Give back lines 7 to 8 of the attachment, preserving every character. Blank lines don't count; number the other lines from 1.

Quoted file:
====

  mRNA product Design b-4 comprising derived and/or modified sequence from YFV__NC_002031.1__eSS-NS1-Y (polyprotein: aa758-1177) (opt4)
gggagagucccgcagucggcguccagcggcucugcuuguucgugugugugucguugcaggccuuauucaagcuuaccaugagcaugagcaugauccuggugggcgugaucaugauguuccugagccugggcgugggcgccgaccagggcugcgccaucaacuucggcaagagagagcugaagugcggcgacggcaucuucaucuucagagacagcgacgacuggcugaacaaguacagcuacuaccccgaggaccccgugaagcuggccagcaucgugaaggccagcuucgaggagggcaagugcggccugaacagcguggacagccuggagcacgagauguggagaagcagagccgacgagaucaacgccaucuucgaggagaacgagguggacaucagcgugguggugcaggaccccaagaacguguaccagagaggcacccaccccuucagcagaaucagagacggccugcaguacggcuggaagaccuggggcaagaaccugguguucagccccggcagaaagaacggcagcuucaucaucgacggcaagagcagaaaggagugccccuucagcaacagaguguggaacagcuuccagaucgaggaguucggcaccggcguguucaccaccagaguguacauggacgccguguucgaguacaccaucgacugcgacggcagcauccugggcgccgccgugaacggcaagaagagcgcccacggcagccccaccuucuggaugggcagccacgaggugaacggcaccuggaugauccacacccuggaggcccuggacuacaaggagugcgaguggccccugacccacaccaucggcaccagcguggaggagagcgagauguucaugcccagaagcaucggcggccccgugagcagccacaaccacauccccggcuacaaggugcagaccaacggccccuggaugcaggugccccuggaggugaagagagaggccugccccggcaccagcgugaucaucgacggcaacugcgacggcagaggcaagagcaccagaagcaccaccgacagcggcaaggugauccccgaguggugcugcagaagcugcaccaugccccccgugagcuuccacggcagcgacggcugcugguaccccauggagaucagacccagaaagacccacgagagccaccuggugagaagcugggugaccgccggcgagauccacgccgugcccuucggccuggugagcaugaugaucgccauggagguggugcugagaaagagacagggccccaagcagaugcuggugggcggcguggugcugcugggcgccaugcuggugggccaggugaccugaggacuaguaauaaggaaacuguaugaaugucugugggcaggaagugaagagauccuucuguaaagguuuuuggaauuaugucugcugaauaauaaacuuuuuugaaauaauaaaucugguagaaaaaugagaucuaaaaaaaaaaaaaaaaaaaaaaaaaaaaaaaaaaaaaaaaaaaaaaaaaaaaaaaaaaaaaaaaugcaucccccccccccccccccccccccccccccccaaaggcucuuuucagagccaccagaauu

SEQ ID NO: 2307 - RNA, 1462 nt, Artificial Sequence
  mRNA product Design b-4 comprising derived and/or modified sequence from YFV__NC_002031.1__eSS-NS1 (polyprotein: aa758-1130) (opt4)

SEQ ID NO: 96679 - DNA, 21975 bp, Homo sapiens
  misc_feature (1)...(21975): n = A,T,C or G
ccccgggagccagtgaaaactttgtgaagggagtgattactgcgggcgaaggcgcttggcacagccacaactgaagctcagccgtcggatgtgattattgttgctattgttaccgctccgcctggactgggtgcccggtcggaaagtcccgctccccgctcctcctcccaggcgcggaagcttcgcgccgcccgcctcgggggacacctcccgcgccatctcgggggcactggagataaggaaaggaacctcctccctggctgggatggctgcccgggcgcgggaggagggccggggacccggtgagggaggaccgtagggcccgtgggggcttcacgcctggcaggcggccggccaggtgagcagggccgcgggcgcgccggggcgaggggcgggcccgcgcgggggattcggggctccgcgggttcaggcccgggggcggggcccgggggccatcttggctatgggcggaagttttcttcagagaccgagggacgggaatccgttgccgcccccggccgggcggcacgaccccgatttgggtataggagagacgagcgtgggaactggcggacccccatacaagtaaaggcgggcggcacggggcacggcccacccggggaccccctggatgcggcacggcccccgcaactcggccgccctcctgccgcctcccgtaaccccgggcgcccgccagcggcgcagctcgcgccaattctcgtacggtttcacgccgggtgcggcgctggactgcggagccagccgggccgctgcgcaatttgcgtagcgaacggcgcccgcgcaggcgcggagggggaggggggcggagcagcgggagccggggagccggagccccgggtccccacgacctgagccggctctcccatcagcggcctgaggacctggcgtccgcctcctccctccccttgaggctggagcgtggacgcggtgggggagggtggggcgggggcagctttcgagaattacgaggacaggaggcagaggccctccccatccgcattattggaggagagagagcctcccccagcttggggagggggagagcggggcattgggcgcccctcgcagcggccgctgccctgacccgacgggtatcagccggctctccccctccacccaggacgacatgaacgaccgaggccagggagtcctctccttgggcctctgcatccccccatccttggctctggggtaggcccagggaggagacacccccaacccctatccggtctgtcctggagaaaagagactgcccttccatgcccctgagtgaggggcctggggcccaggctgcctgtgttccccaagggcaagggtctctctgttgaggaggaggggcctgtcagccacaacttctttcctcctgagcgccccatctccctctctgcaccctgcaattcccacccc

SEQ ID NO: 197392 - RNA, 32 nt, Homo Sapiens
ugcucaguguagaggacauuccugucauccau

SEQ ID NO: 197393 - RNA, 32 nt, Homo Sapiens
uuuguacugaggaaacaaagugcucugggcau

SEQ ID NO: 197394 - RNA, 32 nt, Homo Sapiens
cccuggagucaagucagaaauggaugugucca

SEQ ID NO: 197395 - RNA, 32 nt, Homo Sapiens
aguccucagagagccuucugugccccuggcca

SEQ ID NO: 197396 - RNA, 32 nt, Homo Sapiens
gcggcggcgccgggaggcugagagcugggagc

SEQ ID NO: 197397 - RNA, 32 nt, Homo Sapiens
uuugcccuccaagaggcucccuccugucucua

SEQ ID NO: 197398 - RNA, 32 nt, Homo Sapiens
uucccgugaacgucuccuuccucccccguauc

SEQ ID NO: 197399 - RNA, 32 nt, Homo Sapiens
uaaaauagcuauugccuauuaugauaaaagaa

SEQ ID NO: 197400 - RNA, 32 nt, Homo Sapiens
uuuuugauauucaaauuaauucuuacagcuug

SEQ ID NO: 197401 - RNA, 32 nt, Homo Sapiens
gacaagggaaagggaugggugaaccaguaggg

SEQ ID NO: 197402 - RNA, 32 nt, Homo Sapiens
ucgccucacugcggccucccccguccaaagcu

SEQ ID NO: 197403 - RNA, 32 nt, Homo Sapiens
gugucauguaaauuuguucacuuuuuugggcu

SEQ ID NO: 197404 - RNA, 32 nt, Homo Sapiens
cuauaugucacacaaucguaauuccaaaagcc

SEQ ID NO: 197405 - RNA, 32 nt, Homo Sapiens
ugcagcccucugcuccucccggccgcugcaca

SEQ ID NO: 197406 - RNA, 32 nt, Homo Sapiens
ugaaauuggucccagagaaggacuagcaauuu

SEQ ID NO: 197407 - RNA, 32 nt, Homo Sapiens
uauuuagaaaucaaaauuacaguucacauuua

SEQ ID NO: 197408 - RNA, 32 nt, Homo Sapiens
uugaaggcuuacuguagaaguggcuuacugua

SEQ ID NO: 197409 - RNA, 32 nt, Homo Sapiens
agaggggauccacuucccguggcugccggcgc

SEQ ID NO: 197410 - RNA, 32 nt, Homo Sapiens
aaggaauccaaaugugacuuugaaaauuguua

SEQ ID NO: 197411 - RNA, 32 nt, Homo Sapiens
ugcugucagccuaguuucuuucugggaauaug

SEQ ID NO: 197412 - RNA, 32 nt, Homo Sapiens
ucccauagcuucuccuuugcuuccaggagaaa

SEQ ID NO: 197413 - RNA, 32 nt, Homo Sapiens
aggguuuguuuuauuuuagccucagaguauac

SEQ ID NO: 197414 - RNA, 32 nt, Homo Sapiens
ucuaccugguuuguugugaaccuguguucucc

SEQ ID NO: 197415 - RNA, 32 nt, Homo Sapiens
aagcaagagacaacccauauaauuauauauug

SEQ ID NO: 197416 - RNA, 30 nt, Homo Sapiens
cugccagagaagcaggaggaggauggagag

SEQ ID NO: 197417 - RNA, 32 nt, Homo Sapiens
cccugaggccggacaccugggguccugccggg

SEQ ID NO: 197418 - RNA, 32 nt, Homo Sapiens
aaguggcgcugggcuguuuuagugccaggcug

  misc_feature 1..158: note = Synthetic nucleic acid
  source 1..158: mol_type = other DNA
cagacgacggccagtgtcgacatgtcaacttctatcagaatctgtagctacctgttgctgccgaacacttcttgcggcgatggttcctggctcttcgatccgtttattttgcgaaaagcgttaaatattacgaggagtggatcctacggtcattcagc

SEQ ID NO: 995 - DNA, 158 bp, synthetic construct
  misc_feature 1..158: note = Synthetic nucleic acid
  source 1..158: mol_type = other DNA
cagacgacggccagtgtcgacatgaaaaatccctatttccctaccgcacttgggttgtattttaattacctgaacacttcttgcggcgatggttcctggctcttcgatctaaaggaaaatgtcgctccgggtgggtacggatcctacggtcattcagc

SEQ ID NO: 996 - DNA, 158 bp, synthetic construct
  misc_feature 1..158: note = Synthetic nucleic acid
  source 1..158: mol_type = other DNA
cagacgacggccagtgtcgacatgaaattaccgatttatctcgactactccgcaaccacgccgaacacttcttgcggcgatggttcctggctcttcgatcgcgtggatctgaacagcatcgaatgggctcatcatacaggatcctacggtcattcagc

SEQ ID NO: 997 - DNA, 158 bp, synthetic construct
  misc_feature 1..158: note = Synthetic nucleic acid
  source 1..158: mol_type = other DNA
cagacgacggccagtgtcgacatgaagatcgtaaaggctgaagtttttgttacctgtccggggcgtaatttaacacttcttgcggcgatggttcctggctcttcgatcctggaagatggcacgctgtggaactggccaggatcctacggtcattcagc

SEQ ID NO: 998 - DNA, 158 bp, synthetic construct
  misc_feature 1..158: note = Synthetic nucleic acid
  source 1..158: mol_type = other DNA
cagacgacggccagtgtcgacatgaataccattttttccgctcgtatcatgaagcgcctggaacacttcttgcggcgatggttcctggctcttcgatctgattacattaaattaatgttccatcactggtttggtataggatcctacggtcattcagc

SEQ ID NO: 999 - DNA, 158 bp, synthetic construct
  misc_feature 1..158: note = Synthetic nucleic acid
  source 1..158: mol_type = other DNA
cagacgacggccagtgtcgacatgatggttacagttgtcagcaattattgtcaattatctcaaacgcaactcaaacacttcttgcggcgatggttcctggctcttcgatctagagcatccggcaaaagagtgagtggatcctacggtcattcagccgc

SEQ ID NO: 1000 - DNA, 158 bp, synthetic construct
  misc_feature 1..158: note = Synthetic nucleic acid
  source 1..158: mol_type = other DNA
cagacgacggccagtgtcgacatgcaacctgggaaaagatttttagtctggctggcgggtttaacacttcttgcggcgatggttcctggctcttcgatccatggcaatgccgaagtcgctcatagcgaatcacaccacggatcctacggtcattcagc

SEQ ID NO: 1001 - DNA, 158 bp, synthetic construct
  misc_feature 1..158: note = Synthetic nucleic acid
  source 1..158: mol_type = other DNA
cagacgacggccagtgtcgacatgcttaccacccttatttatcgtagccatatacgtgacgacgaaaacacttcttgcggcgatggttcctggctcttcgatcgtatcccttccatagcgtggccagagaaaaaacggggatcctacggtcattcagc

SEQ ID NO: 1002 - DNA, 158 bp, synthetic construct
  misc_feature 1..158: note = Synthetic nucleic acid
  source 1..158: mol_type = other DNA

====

ccccgggagccagtgaaaactttgtgaagggagtgattactgcgggcgaaggcgcttggcacagccacaactgaagctcagccgtcggatgtgattattgttgctattgttaccgctccgcctggactgggtgcccggtcggaaagtcccgctccccgctcctcctcccaggcgcggaagcttcgcgccgcccgcctcgggggacacctcccgcgccatctcgggggcactggagataaggaaaggaacctcctccctggctgggatggctgcccgggcgcgggaggagggccggggacccggtgagggaggaccgtagggcccgtgggggcttcacgcctggcaggcggccggccaggtgagcagggccgcgggcgcgccggggcgaggggcgggcccgcgcgggggattcggggctccgcgggttcaggcccgggggcggggcccgggggccatcttggctatgggcggaagttttcttcagagaccgagggacgggaatccgttgccgcccccggccgggcggcacgaccccgatttgggtataggagagacgagcgtgggaactggcggacccccatacaagtaaaggcgggcggcacggggcacggcccacccggggaccccctggatgcggcacggcccccgcaactcggccgccctcctgccgcctcccgtaaccccgggcgcccgccagcggcgcagctcgcgccaattctcgtacggtttcacgccgggtgcggcgctggactgcggagccagccgggccgctgcgcaatttgcgtagcgaacggcgcccgcgcaggcgcggagggggaggggggcggagcagcgggagccggggagccggagccccgggtccccacgacctgagccggctctcccatcagcggcctgaggacctggcgtccgcctcctccctccccttgaggctggagcgtggacgcggtgggggagggtggggcgggggcagctttcgagaattacgaggacaggaggcagaggccctccccatccgcattattggaggagagagagcctcccccagcttggggagggggagagcggggcattgggcgcccctcgcagcggccgctgccctgacccgacgggtatcagccggctctccccctccacccaggacgacatgaacgaccgaggccagggagtcctctccttgggcctctgcatccccccatccttggctctggggtaggcccagggaggagacacccccaacccctatccggtctgtcctggagaaaagagactgcccttccatgcccctgagtgaggggcctggggcccaggctgcctgtgttccccaagggcaagggtctctctgttgaggaggaggggcctgtcagccacaacttctttcctcctgagcgccccatctccctctctgcaccctgcaattcccacccc

SEQ ID NO: 197392 - RNA, 32 nt, Homo Sapiens